Bike Forums

Bike Forums (https://www.bikeforums.net/forum.php)
-   General Cycling Discussion (https://www.bikeforums.net/general-cycling-discussion/)
-   -   Should I be standing up for hills? Why? Why not? (https://www.bikeforums.net/general-cycling-discussion/954890-should-i-standing-up-hills-why-why-not.html)

John Redcorn 06-20-14 07:14 PM

Should I be standing up for hills? Why? Why not?
 
Was apprehensive of hills until 3 days ago. Newbie rider since Dec. Monday I'll be riding on constantly hilly mups and bikeways (marked routes through neighborhoods) 15 miles in to work and 15 miles back for the first time if the weather's good. (got showers and lockers at work, it owns)

I didn't think I was ready yet to do this due to large amounts of hills and I've only been riding flat trails along a river (15 miles easy there) but the last 3 days I've rode different sections of that hilly mup between work and home for 3x 10 mile partial-rides and it was no problem.

Those 3 rides I always shifted low and rode slow in the seat. Was in no hurry, don't ever need to be.

At the river where I had been riding a bunch since Dec, there's only one hill, a giant one (to me) 110 feet up in about a quarter mile and I always did that seated and waaay slow like 5-6 mph, 1st gear on mtb or hybrid.

My work is 200' higher than my house but so many hills up and down in between, and using a couple websites to analyze gps logs of those 3 partial-rides, I'll be climbing 1500-2000 vertical feet.

Should I be getting up more and shifting low less? Why? Not looking to be a racer or push myself hard real soon, any reason I should get up? I'm 37, 225 lbs and have always been naturally strong + naturally big in that my ideal not-fat weight has always been between 190-200. When I say naturally strong I mean even at times when I was never weightlifting I could deadlift way heavier stuff off the ground than anyone I knew, in HS beat most any of them at armwrestling but that didn't translate at all to endurance. When I was in awesome shape at 190, lifting and running a lot in my 20s, my very longest runs were like 3 or 4 miles. 2-2.5 was typical. I never felt like going further.

wphamilton 06-20-14 07:26 PM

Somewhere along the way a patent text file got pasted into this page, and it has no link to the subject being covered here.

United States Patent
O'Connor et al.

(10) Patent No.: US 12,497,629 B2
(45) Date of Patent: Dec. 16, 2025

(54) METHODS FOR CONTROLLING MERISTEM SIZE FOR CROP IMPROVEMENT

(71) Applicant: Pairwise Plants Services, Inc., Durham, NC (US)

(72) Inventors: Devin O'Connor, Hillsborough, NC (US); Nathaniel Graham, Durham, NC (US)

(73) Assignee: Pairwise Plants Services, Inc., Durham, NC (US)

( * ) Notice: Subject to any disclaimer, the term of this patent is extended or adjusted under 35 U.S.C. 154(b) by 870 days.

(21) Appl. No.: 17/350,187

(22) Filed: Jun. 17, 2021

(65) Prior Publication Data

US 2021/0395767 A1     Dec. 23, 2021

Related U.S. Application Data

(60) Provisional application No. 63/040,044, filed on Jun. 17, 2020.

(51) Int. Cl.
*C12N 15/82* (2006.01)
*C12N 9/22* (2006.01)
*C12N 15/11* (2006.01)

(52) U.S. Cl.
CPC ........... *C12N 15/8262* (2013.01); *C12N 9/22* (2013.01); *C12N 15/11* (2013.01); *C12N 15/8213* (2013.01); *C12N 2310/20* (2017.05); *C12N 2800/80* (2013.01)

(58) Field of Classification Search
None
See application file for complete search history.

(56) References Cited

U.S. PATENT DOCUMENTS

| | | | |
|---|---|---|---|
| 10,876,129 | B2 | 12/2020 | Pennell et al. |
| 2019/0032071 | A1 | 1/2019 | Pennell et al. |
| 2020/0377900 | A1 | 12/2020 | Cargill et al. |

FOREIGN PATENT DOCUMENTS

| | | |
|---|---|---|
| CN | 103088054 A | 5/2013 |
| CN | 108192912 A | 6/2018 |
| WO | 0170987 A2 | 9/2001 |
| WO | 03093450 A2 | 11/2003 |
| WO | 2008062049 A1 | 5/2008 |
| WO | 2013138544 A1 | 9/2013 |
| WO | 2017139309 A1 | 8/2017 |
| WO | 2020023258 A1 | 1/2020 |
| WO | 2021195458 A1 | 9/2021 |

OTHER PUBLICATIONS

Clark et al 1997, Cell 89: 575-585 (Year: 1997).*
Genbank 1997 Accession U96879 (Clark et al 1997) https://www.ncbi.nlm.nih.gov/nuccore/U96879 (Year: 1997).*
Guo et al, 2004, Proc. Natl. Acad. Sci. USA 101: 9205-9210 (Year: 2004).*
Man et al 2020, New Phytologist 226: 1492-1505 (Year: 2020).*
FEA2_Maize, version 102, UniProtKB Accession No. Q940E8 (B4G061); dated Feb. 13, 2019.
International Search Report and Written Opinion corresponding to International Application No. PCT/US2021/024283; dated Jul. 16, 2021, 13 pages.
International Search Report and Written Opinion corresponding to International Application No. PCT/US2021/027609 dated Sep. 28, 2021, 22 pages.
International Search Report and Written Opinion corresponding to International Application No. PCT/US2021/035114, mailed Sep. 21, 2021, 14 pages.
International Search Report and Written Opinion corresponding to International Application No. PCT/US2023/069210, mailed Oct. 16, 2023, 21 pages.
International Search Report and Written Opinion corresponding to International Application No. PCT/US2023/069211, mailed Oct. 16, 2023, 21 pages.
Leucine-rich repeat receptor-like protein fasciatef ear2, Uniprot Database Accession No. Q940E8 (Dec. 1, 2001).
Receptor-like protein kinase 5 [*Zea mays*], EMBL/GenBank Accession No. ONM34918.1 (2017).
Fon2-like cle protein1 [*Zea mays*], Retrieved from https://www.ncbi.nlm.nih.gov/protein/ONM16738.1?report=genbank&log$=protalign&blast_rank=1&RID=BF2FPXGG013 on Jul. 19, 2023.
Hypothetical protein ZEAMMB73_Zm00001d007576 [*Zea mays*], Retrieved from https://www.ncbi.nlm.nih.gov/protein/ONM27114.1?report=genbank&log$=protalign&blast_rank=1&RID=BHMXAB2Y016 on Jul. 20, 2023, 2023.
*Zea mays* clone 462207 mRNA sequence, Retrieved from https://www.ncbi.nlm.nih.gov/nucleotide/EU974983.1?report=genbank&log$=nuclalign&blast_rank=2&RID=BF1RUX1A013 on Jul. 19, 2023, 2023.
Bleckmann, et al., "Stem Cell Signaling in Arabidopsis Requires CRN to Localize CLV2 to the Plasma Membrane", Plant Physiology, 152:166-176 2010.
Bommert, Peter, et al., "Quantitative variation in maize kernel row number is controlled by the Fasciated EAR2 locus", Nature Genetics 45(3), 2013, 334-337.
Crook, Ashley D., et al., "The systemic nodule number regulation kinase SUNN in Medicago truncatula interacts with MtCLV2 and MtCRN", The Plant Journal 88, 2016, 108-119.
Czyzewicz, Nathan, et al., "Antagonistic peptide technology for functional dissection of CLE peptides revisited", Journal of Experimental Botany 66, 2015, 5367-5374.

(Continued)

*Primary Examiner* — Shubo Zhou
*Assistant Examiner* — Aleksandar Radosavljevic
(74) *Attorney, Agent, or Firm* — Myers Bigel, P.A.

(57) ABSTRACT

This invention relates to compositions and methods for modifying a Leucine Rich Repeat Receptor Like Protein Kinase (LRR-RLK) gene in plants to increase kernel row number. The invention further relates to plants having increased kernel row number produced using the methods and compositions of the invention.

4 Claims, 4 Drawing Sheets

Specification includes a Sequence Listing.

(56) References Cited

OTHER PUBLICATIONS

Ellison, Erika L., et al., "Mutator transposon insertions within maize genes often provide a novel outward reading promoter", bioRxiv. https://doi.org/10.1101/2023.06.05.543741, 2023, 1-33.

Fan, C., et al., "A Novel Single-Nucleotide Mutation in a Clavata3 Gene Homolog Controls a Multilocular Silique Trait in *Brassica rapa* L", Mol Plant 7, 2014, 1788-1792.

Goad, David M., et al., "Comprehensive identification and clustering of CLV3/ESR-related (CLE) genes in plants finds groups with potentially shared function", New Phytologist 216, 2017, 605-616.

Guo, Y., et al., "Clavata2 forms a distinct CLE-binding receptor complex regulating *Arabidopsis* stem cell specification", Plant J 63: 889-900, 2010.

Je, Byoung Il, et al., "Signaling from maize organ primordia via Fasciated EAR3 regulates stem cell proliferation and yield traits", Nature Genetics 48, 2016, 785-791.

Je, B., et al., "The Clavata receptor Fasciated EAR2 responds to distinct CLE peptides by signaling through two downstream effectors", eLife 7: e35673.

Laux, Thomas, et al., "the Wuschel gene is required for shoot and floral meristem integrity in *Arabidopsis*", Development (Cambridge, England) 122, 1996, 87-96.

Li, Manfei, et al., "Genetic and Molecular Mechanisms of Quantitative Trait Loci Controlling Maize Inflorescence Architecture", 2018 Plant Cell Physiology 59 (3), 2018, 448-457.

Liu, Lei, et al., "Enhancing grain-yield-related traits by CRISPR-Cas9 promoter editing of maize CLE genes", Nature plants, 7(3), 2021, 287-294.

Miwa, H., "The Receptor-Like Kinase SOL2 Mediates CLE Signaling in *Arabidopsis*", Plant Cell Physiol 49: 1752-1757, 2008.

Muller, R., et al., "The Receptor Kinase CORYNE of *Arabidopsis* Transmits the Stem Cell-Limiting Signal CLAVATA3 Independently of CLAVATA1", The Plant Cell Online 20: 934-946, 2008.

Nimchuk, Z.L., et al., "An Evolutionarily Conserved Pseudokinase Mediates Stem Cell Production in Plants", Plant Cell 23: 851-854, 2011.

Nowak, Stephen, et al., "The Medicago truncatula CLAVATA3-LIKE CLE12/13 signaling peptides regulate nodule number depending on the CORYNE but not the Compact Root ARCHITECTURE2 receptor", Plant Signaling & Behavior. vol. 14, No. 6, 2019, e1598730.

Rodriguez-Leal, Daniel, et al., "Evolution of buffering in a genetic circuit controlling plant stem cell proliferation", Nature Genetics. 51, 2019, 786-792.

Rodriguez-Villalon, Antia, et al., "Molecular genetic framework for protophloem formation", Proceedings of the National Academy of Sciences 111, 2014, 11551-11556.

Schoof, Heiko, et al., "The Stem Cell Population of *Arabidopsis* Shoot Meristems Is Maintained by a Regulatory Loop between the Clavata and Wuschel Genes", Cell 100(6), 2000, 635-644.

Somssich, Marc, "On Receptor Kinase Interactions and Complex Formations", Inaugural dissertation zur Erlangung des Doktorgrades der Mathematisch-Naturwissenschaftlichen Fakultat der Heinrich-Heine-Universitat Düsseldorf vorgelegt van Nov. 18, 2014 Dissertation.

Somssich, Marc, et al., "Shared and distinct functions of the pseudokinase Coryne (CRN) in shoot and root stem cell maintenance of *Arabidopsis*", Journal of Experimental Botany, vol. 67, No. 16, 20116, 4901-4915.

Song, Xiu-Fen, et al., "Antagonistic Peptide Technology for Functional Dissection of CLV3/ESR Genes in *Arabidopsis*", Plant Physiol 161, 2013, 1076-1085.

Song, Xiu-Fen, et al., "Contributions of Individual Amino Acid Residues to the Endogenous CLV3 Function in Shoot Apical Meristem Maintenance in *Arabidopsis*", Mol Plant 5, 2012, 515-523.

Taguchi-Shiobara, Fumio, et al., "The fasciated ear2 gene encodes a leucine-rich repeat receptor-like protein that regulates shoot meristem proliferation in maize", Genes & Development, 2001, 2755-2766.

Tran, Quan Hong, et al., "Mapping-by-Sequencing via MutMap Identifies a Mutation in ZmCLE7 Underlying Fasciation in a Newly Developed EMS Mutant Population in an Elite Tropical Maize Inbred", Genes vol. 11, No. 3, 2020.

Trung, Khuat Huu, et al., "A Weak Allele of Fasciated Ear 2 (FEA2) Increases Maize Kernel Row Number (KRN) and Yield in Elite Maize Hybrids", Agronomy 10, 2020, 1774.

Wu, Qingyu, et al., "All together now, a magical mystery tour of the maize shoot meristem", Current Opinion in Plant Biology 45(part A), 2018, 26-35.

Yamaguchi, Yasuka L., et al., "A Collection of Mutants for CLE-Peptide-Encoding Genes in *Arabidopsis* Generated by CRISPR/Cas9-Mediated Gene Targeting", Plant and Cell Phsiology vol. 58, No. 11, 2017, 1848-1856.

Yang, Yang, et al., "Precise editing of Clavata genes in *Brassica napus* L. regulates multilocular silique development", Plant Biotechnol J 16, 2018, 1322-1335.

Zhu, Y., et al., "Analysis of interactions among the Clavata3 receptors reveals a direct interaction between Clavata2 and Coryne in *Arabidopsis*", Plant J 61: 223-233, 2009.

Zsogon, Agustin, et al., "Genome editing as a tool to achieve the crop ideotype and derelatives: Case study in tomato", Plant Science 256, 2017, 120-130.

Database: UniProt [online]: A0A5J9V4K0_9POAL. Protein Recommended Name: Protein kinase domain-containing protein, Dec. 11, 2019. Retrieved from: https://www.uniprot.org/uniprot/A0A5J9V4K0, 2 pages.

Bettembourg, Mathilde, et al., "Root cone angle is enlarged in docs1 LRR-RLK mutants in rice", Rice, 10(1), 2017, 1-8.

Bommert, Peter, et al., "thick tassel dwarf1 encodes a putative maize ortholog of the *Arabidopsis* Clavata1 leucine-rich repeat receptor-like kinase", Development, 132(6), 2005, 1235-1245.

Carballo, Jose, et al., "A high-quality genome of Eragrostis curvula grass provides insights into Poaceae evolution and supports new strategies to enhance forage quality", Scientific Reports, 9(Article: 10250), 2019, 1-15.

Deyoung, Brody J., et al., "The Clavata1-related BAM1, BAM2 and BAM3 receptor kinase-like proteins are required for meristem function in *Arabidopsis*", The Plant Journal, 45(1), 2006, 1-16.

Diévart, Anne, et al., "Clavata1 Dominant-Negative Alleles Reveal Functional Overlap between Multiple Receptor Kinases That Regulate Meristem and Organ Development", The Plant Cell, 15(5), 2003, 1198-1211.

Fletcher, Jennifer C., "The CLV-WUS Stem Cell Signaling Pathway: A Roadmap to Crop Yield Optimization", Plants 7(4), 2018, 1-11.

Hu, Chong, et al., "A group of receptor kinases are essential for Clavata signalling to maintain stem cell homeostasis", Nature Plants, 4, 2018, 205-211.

There's no real reason to if you're just getting up the hill, except for working a different set of muscles. Gear down and spin, if that works for you and you're not racing or training, no reason to do it differently.

Everyone's different. I see little guys hopping up all the time, others just keep a steady pace. i'll get out of the saddle if I'm running out of gas and want to keep my speed up, but only briefly. There are some who go up the whole hill standing.

cplager 06-20-14 08:34 PM

To add to the above post:

Lighter guys get more benefit standing than heavier ones (although the exercising different muscles works for everyone).

The other reason to stand is because your gearing isn't low enough.

If you can sit and spin, then that's a fine technique.

ThermionicScott 06-21-14 12:27 AM

Sometimes it's more fun to get out of the saddle and power up a hill, though. :thumb:

MichaelW 06-21-14 02:54 AM

Mix and match your styles. I stand to accelerate and sit to spin up.
these days I mostly sit.

imi 06-21-14 03:56 AM

Should I be standing up for hills? Why? Why not?
 
On long hills fully loaded touring I alternate standing with one gear higher, then shift down one gear and sit down.
Well until I'm so knackered I'm just on my granny gear standing or sitting, or stopping and hanging over my handlebars that is! ;)

krobinson103 06-21-14 04:45 AM

Depends on a fast 60 mile ride I'll power up the hill until I lose momentum then drop down and spin - often its faster with an easier gear and faster cadence anyway. If I'm riding 120 miles plus? Nope I spin my way up the hills because I know I'll need that energy later.

AdrianFly 06-21-14 07:33 AM

Check out youtube of the Tour De France when they are in the mountains. Unless they are attacking or defending they are seated in the climb.

Wanderer 06-21-14 08:01 AM

Standing also gives your butt a rest................

cyccommute 06-21-14 08:51 AM

Your weight doesn't make a difference at to whether you stand or not. If the hill is short and I've got a lot of speed, I'll attack the hill and stand. If the hill is a long one, I'll gear down but I also stand occasionally on long hills to work a different set of muscles. There's really no rule.

fietsbob 06-21-14 08:55 AM

a mix of both.. Oklahoma is not famous for its mountains .. where are you riding?

imi 06-21-14 09:07 AM


Originally Posted by AdrianFly (Post 16869882)
Check out youtube of the Tour De France when they are in the mountains. Unless they are attacking or defending they are seated in the climb.

Isn't there one guy who always stands?

Wanderer 06-21-14 09:15 AM


Originally Posted by fietsbob (Post 16870017)
a mix of both.. Oklahoma is not famous for its mountains .. where are you riding?

From someone on the left coast ---- actually, Oklahoma is quite hilly...............